Think about how you ask for directions. You make it simple, straightforward, and use words that you know, especially if you’re asking in a foreign language. It is the same when we ask God for guidance.

This is the next lesson we learn when praying for God to guide us. We’ve already realized it is important to appeal to God’s promises and trust him to lead us. We’ve also learned there is nothing wrong with using our common sense as well.

All these lessons are learned from Eliezer, Abraham’s servant when he was sent on a mission by Abraham to find a wife for Abraham’s son Isaac.

Eliezer’s Prayer

This was Eliezer’s prayer:

“Lord, God of my master Abraham,”—his appeal to God who made promises…

”See, I am standing beside this spring, and the daughters of the townspeople are coming out to draw water.”—his use of common sense…

”May it be that when I say to a young woman, ‘Please let down your jar that I may have a drink,’ and she says, ‘Drink, and I’ll water your camels too’—let her be the one you have chosen for your servant Isaac.”—his request and trust in God to guide him well.

Eliezer trusted in Abraham’s God who made promises and kept those promises—Eliezer had witnessed the fulfillment of God’s promise to give Abraham a son. Then Eliezer was commissioned with the responsibility of finding a wife for that precious son. What an honor!

To make sure he was successful in his mission, Eliezer traveled to Aram Naharaim and positioned himself by a well where he was most likely to meet a young woman going about her daily duties of collecting water.

Eliezer had set out to fulfill his mission and Eliezer relied on God to complete that mission. 

The Crunch

When it came to the crunch point, Eliezer prayed.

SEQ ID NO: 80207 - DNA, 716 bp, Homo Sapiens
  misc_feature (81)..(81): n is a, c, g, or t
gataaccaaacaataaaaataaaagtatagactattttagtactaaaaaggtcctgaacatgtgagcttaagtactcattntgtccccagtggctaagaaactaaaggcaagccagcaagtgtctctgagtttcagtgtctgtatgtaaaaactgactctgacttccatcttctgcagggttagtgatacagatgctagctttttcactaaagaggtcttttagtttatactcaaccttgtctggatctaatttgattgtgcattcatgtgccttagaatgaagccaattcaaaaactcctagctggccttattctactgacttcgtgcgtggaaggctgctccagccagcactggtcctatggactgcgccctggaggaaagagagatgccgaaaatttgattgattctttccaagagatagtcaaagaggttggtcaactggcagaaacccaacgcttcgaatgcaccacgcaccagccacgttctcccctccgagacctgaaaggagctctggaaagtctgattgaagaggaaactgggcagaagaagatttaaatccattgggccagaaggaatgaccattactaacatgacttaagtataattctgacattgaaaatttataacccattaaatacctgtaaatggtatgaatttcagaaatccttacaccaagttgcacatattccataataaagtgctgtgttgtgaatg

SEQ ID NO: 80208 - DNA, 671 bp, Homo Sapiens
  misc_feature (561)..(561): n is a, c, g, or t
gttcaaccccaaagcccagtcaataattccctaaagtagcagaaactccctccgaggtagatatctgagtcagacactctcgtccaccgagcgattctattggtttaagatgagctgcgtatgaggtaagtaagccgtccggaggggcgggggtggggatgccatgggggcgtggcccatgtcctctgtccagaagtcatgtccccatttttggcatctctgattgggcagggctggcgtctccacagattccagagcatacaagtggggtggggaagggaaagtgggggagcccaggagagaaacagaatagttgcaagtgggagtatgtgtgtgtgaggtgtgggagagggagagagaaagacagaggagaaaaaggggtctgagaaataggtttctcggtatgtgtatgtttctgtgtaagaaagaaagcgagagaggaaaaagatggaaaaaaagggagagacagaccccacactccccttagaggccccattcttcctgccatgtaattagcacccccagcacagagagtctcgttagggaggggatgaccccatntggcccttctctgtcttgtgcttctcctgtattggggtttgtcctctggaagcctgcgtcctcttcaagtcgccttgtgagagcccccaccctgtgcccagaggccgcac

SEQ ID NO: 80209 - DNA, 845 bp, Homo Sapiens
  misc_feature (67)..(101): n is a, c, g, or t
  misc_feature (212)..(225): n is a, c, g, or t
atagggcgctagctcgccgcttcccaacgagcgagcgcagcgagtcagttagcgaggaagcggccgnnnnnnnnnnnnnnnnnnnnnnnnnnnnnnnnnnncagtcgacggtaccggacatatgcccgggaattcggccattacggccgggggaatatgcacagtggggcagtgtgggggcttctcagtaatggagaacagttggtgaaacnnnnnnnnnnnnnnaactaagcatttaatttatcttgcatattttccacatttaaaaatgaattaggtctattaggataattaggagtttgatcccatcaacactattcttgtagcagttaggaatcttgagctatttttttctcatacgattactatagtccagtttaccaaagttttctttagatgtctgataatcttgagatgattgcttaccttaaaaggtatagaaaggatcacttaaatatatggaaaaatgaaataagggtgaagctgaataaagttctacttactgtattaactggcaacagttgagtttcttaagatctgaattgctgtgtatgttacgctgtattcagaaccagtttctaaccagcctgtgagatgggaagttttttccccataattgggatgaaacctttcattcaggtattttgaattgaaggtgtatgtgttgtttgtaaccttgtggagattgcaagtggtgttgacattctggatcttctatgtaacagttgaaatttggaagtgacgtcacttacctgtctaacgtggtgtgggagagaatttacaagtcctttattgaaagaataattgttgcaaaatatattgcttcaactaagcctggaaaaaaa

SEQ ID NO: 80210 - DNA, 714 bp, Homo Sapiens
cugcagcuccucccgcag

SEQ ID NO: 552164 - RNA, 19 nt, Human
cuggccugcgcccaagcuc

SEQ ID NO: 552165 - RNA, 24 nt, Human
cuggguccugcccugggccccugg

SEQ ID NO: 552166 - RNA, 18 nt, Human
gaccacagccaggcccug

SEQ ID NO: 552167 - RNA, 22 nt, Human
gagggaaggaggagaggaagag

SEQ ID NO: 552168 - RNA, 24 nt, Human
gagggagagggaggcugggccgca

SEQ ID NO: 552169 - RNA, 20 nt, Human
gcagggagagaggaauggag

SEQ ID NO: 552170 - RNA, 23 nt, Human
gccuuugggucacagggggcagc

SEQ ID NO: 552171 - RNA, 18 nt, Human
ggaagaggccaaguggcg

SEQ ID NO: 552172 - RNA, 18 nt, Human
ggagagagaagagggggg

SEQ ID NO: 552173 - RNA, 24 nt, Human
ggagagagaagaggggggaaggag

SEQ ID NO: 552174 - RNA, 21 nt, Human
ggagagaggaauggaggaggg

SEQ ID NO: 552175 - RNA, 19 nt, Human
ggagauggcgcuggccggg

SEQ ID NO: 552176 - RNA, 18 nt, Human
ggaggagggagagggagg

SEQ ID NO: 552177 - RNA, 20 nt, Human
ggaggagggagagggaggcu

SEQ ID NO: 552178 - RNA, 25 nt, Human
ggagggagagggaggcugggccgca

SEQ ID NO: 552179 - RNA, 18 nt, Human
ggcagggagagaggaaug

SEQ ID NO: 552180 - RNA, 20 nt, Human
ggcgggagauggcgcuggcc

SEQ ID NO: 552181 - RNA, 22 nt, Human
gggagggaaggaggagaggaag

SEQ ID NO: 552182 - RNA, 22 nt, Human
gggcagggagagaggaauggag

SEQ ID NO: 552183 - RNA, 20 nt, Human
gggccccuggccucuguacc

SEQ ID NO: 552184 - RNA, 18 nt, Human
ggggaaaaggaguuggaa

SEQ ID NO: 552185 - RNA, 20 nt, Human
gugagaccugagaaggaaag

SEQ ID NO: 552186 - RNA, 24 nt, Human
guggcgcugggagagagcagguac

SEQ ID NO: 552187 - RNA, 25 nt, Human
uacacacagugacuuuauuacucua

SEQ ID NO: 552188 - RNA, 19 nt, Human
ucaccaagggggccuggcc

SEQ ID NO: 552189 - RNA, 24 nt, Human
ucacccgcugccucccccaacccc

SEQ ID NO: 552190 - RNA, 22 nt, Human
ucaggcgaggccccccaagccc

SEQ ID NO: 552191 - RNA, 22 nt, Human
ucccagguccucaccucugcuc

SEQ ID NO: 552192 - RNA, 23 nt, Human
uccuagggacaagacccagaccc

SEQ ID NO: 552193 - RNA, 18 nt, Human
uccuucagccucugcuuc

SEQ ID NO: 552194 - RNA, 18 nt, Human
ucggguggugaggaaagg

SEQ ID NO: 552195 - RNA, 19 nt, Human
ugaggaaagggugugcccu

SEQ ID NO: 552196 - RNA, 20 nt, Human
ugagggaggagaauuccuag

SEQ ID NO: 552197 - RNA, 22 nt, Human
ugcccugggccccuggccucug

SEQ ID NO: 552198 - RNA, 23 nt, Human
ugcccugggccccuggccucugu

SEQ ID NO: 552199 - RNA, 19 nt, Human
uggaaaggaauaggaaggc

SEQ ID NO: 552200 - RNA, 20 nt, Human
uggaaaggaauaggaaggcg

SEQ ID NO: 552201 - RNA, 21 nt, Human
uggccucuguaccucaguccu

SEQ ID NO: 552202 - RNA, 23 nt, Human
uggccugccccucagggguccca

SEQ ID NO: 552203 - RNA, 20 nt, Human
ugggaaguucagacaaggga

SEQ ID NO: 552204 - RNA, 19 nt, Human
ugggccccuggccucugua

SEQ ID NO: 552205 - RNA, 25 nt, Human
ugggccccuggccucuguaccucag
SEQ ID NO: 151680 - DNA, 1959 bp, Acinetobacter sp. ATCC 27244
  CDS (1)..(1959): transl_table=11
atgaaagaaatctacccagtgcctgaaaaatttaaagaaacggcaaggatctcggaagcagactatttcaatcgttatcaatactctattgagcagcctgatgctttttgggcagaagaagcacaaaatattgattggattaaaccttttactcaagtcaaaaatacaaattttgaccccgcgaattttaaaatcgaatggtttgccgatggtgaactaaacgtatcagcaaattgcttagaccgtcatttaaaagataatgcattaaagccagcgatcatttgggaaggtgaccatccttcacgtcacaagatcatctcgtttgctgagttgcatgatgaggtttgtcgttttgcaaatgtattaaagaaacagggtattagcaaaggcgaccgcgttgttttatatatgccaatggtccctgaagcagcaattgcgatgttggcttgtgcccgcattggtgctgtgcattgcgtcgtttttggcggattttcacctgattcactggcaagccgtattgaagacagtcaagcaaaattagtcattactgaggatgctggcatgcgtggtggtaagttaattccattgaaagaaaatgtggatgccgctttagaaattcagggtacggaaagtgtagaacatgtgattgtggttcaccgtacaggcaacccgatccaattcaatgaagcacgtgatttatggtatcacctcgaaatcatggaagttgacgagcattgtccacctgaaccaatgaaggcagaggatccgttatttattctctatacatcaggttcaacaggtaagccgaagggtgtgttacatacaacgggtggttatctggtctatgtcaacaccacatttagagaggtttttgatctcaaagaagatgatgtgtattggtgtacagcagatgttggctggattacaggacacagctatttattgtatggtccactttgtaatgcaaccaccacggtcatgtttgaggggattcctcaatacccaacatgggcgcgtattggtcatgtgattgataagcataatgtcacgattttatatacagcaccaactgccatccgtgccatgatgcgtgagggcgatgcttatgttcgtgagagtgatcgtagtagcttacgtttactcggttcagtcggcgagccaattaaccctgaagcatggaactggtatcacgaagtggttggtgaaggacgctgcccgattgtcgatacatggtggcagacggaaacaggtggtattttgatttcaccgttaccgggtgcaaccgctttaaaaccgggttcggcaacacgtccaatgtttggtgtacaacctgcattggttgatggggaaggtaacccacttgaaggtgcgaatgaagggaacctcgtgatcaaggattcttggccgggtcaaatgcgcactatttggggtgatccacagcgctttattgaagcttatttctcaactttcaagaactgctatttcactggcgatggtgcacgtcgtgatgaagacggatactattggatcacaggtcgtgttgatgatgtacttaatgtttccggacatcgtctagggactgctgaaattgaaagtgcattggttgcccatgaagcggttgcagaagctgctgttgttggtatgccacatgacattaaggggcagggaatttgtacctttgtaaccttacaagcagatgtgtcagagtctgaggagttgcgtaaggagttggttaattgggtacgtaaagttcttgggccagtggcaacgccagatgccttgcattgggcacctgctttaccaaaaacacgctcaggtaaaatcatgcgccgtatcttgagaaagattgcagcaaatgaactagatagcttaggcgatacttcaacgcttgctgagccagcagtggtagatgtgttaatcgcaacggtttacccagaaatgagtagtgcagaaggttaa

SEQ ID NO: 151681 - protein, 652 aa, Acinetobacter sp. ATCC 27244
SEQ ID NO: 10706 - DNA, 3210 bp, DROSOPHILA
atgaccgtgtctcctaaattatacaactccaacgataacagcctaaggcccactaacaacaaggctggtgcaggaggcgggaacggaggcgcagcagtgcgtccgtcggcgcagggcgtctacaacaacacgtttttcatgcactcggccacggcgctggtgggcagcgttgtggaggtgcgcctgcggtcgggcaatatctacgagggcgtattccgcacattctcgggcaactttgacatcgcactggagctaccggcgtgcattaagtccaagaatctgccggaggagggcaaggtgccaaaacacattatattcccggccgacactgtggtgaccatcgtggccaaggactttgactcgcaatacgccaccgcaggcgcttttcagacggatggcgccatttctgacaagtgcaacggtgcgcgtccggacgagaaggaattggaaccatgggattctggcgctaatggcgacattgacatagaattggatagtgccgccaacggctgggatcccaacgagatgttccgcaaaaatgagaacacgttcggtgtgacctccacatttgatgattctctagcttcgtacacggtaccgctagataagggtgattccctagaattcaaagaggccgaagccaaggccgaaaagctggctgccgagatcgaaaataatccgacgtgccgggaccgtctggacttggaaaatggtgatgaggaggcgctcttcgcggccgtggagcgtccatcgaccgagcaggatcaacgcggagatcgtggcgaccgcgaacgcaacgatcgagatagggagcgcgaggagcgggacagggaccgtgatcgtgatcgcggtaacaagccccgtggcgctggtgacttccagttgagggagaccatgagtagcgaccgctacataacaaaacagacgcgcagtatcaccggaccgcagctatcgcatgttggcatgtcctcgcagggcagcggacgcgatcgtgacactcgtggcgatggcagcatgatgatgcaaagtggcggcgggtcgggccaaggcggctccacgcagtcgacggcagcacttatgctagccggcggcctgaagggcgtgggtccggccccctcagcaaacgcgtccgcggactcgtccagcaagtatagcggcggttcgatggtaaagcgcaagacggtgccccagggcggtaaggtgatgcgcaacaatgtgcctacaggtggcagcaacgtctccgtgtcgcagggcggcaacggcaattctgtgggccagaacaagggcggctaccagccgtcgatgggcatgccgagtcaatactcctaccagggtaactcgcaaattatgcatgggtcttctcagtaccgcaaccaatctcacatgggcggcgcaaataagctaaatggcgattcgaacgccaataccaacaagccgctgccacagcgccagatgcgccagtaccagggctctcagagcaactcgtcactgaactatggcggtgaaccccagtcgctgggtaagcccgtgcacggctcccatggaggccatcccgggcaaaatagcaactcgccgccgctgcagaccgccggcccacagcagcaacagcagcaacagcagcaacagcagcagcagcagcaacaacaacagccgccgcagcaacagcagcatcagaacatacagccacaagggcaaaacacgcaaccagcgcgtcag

Eliezer engaged with God.

This is where I want to pause and for us to consider something important.

Some Bibles translate the Hebrew word ‘mr to “prayed.”

However, the surprising thing is this specific word means “say,” “mention” or “think.”

The word “say” is such an ordinary, everyday word. As a writer, I would avoid using the word “say” because it can be bland. It would be better to say “he cried,” “he implored,” or perhaps “he whispered.”

“Eliezer said” is so ordinary.  “Say” is something we do every day when we go to speak. It is casual. 

But the important thing is that prayer, and asking for God’s guidance, should be as normal as everyday speaking. 

Asking for guidance should be a regular part of our conversation with God, like stopping someone on the street who looks like a local and asking them for directions. 

When we need help knowing which way to go, we don’t cloak our asking in obscure language, or go about it in a roundabout way. We get straight to the point. We’re direct.

And, the person we’ve asked for guidance, they are willing to help and direct us. 

Asking God for guidance should be the same. Let’s get straight to the point in our prayers. Use language and words that are natural to you. 

Let’s be bold and confident Let’s be specific. Let’s chat with God naturally. Let’s remember that he’s willing and keen to guide us. 

And finally, like Abraham’s servant, let’s position ourselves for success.

Use this prayer to ask God for whatever you need today in a way that’s natural for you.


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